Intrinsic SemiconductorPublished on 24/2/2012 & updated on Wednesday 20th of June 2018 at 07:57:55 PM
The crystal lattice of Silicon (it is the same even for Germanium) in two-dimension is as shown in Figure 1. Here it is seen that each valence electron of a Si atom pair with the valence electron of the adjacent Si atom to form a covalent bond.
After pairing, the intrinsic semiconductor becomes deprived of free charge carriers which are nothing but the valence electrons. Hence, at 0K the valence band will be full of electrons while the conduction band will be empty (Figure 2a). At this stage, no electron in the valence band would gain enough energy to cross the forbidden energy gap of the semiconductor material. Thus the intrinsic semiconductors act as insulators at 0K. However, at room temperature, the thermal energy may cause a few of the covalent bonds to break, thus generating the free electrons as shown in Figure 3a. The electrons thus generated get excited and move into the conduction band from the valence band, overcoming the energy barrier (Figure 2b). During this process, each electron leaves behind a hole in the valence band. The electrons and holes created in this way are called intrinsic charge carriers and are responsible for the conductive properties exhibited by the intrinsic semiconductor material.
Although the intrinsic semiconductors are capable of conducting at room temperature, here we can note that the conductivity so exhibited is low as there are only a few charge carriers. But as the temperature increases, more and more covalent bonds break which results in more and more number of free electrons. The number of free electrons, in turn, results in the movement of a greater number of electrons into the conduction band from the valence band. As the population of the electrons in the conduction band increases, the conductivity of the intrinsic semiconductor also increases. However, the number of electrons (ni) in the intrinsic semiconductor remains always equal to the number of holes in it (pi).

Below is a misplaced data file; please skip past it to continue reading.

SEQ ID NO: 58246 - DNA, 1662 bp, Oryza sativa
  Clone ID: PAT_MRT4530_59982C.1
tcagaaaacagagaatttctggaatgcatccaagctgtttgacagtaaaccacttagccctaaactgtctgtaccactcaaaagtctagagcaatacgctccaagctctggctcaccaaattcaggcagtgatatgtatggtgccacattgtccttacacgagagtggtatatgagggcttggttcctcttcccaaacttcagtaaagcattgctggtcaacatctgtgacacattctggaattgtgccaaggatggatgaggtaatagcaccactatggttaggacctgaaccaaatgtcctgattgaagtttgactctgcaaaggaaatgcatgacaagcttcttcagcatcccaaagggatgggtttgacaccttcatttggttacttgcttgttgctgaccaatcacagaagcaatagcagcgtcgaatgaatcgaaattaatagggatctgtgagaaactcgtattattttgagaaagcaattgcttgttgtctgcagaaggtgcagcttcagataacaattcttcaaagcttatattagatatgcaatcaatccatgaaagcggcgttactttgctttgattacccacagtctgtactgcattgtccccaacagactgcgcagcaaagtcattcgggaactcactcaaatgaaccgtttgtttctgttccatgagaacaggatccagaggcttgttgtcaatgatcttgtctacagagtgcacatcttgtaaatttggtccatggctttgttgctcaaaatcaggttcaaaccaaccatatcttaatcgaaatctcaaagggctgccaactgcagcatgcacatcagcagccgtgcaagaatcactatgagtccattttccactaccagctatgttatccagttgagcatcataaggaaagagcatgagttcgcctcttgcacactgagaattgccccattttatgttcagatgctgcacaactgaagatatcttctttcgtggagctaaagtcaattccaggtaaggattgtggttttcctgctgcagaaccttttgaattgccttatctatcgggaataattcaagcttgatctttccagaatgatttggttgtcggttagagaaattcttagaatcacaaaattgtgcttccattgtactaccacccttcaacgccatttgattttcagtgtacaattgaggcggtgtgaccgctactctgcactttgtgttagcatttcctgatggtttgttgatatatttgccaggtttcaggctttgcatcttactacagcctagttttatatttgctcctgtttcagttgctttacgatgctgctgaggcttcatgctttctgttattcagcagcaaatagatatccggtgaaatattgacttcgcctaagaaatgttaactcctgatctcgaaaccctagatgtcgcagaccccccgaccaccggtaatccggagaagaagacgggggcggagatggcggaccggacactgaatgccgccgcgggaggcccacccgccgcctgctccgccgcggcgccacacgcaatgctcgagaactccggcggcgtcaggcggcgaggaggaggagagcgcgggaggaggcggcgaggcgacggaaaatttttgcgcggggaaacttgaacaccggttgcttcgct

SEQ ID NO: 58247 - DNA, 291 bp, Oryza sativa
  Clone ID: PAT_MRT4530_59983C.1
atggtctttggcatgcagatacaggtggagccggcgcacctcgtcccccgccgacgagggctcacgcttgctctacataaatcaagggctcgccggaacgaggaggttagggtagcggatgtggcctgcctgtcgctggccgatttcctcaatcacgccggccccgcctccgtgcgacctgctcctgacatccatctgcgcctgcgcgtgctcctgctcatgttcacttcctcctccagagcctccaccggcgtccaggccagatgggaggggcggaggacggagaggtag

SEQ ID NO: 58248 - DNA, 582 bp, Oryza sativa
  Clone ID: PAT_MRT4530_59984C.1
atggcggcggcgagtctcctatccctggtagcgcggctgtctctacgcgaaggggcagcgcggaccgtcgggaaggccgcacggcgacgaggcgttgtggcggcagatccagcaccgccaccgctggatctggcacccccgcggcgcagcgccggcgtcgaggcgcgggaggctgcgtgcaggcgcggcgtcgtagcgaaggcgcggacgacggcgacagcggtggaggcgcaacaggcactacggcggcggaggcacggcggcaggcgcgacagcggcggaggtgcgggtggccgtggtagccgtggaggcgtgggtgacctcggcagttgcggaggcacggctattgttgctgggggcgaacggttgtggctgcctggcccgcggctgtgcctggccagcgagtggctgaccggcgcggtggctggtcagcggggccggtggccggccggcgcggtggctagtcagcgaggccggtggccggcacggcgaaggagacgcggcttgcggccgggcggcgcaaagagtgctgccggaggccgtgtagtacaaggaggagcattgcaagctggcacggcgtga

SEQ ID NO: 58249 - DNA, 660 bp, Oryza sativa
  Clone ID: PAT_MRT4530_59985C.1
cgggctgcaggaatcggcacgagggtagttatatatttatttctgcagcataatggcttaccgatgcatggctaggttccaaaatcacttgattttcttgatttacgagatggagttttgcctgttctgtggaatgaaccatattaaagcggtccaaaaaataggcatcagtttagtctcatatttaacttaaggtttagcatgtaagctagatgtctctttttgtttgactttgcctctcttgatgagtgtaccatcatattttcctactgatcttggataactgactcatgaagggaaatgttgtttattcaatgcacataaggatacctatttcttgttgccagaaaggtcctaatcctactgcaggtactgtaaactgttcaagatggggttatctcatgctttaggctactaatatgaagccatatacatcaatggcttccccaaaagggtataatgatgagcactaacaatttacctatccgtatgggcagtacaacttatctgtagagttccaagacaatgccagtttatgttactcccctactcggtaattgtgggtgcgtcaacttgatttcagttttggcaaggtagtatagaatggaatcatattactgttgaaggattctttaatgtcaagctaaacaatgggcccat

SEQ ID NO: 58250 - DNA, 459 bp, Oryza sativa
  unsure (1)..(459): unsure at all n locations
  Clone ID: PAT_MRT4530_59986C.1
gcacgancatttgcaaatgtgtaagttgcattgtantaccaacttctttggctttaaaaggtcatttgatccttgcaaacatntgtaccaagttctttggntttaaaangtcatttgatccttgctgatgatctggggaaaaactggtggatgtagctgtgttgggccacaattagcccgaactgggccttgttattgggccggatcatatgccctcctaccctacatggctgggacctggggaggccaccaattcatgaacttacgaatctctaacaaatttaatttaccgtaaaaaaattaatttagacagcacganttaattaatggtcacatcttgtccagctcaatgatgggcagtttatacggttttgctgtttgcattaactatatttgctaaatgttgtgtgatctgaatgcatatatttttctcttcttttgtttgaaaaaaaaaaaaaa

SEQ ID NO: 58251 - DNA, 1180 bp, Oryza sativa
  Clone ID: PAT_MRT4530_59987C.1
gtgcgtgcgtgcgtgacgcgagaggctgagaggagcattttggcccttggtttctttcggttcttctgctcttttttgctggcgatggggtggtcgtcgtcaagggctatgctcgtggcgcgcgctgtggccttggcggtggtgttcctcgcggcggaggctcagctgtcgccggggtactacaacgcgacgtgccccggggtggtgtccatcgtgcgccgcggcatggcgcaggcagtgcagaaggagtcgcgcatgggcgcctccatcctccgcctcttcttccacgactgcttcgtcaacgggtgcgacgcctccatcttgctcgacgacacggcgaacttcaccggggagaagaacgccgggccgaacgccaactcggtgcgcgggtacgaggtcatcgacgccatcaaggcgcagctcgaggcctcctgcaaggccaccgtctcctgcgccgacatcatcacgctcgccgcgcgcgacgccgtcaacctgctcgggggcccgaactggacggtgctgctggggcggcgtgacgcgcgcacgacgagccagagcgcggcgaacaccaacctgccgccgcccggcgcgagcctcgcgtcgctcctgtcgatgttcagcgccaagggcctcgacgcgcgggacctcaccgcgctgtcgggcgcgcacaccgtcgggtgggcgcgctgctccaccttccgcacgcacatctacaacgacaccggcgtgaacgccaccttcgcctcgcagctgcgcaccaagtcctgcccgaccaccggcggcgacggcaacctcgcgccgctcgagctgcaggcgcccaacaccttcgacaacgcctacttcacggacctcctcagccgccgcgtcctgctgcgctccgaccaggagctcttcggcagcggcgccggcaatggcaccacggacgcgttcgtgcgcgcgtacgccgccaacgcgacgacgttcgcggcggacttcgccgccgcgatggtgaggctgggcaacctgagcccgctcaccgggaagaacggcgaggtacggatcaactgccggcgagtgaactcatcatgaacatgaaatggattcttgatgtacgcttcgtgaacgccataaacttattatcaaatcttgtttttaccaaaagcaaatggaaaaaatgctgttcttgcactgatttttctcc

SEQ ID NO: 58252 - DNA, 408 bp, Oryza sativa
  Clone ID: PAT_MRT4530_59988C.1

On applying an electric field to such an intrinsic semiconductor, the electron-hole pairs can be made to drift under its influence. In this case, the electrons move in the direction opposite to that of the applied field while the holes move in the direction of the electric field as shown in Figure 3b. This means that the direction along which the electrons and the holes move are mutually opposite. This is because, as an electron of a particular atom moves towards say, left, by leaving a hole in its place, the electron from the neighboring atom occupies its place by recombining with that hole. However while doing so, it would have left one more hole in its place. This can be viewed as the movement of the holes (towards right side in this case) in the semiconductor material. These two movements, although opposite in direction, result in the total flow of current through the semiconductor.
Mathematically the charge carrier densities in intrinsic semiconductors are given by Here, Nc is the effective densities of states in the conduction band. Nv is the effective densities of states in the valence band. is the Boltzmann constant. T is the temperature. EF is the Fermi energy. Ev indicates the level of valence band. Ec indicates the level of conduction band. is the Planck constant. mh is the effective mass of a hole. me is the effective mass of an electron.
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